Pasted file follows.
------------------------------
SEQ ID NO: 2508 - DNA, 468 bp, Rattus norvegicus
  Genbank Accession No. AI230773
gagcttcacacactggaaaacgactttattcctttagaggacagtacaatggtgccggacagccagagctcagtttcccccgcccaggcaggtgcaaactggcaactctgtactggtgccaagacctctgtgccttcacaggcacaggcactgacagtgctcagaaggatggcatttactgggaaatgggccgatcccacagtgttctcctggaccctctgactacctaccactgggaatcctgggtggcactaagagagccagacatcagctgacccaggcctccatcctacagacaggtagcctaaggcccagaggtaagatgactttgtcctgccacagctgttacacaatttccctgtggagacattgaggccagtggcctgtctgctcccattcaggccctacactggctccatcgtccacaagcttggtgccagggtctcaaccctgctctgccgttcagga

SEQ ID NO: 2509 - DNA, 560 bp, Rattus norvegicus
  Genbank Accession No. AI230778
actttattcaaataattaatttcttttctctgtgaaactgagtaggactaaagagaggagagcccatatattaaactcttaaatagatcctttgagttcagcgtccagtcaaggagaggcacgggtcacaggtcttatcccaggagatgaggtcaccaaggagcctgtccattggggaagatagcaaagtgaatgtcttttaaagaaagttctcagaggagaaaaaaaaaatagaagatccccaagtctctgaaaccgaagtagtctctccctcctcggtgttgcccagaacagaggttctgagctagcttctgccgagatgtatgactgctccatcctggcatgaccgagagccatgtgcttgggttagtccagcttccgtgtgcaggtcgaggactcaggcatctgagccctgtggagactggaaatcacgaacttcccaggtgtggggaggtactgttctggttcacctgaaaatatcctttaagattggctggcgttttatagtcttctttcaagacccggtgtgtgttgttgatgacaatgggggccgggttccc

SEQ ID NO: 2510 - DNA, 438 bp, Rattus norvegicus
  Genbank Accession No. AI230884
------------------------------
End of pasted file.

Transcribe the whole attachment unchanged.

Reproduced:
SEQ ID NO: 2508 - DNA, 468 bp, Rattus norvegicus
  Genbank Accession No. AI230773
gagcttcacacactggaaaacgactttattcctttagaggacagtacaatggtgccggacagccagagctcagtttcccccgcccaggcaggtgcaaactggcaactctgtactggtgccaagacctctgtgccttcacaggcacaggcactgacagtgctcagaaggatggcatttactgggaaatgggccgatcccacagtgttctcctggaccctctgactacctaccactgggaatcctgggtggcactaagagagccagacatcagctgacccaggcctccatcctacagacaggtagcctaaggcccagaggtaagatgactttgtcctgccacagctgttacacaatttccctgtggagacattgaggccagtggcctgtctgctcccattcaggccctacactggctccatcgtccacaagcttggtgccagggtctcaaccctgctctgccgttcagga

SEQ ID NO: 2509 - DNA, 560 bp, Rattus norvegicus
  Genbank Accession No. AI230778
actttattcaaataattaatttcttttctctgtgaaactgagtaggactaaagagaggagagcccatatattaaactcttaaatagatcctttgagttcagcgtccagtcaaggagaggcacgggtcacaggtcttatcccaggagatgaggtcaccaaggagcctgtccattggggaagatagcaaagtgaatgtcttttaaagaaagttctcagaggagaaaaaaaaaatagaagatccccaagtctctgaaaccgaagtagtctctccctcctcggtgttgcccagaacagaggttctgagctagcttctgccgagatgtatgactgctccatcctggcatgaccgagagccatgtgcttgggttagtccagcttccgtgtgcaggtcgaggactcaggcatctgagccctgtggagactggaaatcacgaacttcccaggtgtggggaggtactgttctggttcacctgaaaatatcctttaagattggctggcgttttatagtcttctttcaagacccggtgtgtgttgttgatgacaatgggggccgggttccc

SEQ ID NO: 2510 - DNA, 438 bp, Rattus norvegicus
  Genbank Accession No. AI230884